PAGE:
Buckingham is best known for his work with the Gallup organization’s breakthrough book, “First, Break All the Rules.” It got bosses talking about playing to peoples’ strengths. He later helped people identify them through the Strengthsfinder online assessment, which Buckingham says more than 5 million people have taken.

“StandOut,” according to Buckingham, is better because people who take it don’t just describe what they prefer to do. Instead, its online exercises describe common workplace scenarios and offer multiple responses, all of them good possibilities. You have only 45 seconds to choose what you’d do. The pattern of your choices determines how you rank among 9 different “strengths roles“: Advisor, Connector, Creator, Equalizer, Influencer, Pioneer, Provider, Stimulator, and Teacher.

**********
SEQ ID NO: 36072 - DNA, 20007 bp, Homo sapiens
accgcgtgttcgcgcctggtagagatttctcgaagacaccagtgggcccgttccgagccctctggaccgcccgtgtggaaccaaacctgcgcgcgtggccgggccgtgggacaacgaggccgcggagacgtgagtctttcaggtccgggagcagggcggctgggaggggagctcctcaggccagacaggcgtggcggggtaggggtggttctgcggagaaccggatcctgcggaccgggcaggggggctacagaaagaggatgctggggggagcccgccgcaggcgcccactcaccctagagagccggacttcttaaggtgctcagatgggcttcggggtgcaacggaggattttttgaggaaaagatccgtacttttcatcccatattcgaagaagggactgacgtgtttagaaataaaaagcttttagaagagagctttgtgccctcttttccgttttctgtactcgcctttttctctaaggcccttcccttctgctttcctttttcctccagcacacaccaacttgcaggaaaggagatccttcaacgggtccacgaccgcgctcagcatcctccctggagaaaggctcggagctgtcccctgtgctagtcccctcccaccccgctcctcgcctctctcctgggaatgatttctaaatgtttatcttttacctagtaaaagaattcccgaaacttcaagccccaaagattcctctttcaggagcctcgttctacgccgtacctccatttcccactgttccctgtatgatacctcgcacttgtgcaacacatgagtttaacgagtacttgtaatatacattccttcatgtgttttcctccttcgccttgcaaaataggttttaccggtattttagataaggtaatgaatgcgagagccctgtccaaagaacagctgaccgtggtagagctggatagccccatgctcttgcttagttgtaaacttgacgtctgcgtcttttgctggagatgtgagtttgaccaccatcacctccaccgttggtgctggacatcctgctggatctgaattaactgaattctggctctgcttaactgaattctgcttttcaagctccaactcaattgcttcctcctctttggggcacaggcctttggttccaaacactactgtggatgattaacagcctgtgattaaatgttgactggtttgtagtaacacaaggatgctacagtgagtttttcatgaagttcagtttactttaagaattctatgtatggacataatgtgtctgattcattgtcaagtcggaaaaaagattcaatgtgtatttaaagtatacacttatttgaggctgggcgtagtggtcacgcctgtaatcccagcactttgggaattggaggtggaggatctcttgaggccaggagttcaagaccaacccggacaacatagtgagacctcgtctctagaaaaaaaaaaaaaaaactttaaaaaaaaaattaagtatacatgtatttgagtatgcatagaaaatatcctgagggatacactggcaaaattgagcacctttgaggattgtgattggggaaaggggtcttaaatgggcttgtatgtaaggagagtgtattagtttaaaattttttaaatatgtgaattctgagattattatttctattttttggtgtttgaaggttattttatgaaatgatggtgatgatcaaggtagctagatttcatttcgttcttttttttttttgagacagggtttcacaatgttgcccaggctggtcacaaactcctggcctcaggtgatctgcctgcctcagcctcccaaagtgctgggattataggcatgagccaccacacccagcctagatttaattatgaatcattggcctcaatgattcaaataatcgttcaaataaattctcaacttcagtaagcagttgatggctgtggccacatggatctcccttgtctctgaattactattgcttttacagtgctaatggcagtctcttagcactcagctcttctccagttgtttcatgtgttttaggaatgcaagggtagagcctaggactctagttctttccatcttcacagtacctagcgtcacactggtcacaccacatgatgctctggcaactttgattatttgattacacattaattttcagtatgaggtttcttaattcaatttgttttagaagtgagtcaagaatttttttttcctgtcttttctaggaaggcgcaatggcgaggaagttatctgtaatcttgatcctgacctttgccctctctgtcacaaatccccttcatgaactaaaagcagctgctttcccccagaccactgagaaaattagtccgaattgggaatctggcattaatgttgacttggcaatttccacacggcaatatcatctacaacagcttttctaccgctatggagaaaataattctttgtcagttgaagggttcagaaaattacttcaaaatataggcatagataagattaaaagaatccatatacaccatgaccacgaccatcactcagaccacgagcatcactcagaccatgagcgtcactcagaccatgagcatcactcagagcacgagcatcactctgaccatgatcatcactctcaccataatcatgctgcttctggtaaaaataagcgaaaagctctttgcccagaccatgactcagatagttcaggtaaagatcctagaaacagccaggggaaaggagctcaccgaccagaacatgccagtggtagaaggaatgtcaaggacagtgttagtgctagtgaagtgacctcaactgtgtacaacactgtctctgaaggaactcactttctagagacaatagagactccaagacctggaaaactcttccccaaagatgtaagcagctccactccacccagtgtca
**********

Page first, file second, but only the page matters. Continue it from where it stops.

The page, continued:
The book provides a code for taking the StandOut assessment online. The results come as a “strengths list” in your personalized rank order, with your top two as a key focus. You get advice on how to leverage your strengths and watch out for their downsides. (My report: I’m a Provider/Equalizer; someone others come to for guidance in doing the right thing, good at rewarding and recognizing, but also capable of tough feedback and prone to fight for the underdog.)

“Blind Spots: Why We Fail to Do What’s Right and What to Do about It” by Max Bazerman and Ann Tenbrunsel

Who will like it: People at any level of an organization who want to protect against bias and bad decisions.